Fujitsu launches platform for integrated voice and data telephony
Fujitsu have announced a new product which will see the increasing transition of the PSTN network into Voice over IP. The GeoStream Integrated Voice and Data ADSL Line Card (IV-LCSS) allows telephone companies such as BT to connect the local loop of a telephone line into one device which integrates many functions currently available on separate cards. It includes a splitter which separates the analogue voice signal from the DSL signal, a VoIP module that converts the analogue signal into data and an ADSL line card with a single uplink into the core network to carry both voice and data traffic.
This is the latest development in Fujitsu's roadmap trying to integrate as many functions as possible into a single module thus reducing the costs and saving space in exchanges. The solution means that users of traditional phone services will be able to maintain their existing service without changes or even being aware their call is being routed over an IP network but it allows the network operators to make cost savings, some of which can then be passed to customers in lower cost calls. The single card can replace as many as three current older generation cards.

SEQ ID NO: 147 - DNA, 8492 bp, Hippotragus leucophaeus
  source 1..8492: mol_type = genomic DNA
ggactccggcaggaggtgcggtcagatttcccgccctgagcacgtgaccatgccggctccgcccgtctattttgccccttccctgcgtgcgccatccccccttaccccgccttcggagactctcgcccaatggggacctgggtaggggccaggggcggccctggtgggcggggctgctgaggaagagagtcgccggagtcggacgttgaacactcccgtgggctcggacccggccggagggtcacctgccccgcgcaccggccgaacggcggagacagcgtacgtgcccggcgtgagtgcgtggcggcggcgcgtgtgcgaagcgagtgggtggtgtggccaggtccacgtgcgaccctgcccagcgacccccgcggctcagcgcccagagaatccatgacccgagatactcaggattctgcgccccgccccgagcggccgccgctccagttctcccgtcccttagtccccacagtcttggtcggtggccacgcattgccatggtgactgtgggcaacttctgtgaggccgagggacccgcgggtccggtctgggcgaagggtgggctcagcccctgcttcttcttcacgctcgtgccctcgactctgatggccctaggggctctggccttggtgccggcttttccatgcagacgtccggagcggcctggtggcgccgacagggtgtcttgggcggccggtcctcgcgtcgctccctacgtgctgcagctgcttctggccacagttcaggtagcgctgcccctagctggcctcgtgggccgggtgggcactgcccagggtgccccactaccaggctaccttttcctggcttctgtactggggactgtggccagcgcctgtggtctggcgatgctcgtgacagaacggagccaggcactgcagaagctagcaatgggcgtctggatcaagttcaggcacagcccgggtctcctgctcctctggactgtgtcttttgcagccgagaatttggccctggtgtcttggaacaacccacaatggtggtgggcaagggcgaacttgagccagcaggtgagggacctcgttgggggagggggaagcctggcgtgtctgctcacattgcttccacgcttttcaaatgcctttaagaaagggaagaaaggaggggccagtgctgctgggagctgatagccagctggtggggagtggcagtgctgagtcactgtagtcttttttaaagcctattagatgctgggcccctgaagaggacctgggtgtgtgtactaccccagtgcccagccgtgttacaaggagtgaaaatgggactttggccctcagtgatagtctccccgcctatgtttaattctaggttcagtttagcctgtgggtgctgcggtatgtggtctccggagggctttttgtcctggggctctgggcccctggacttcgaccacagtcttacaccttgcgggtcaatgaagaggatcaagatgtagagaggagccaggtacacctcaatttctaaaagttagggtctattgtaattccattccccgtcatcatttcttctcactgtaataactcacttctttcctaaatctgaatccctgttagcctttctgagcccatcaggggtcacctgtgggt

The IV-LCSS allows for quality of service controls to be in place to prioritise voice packets, thus ensuring that voice calls should not suffer from delays as a result of large volumes of data. Also, once an exchange has been upgraded to use this type of technology, no engineer visits are required to enable ADSL services on a telephone line, so 'broadband-in-a-box' solutions bought on Christmas Eve in a few years may actually work the next day. And those with TPON lines will be pleased to hear the technology can also work with lines delivered over fibre.
BT will no doubt face a new wave of regulatory issues as other operators may find platform allows them to integrate easier into BT's network at an earlier level or companies involved in local loop unbundling could find it easier to attract more voice customers. This is of course only an intermediate solution that will last for the next ten years until end users switch on to IP telephony where calls are carried over IP from the beginning. It does however provide a seamless migration mechanism.
This comes a couple of days before Kingston Communications announced plans to implement a similar platform using Marconi's technology.
More information can be found here. [seb]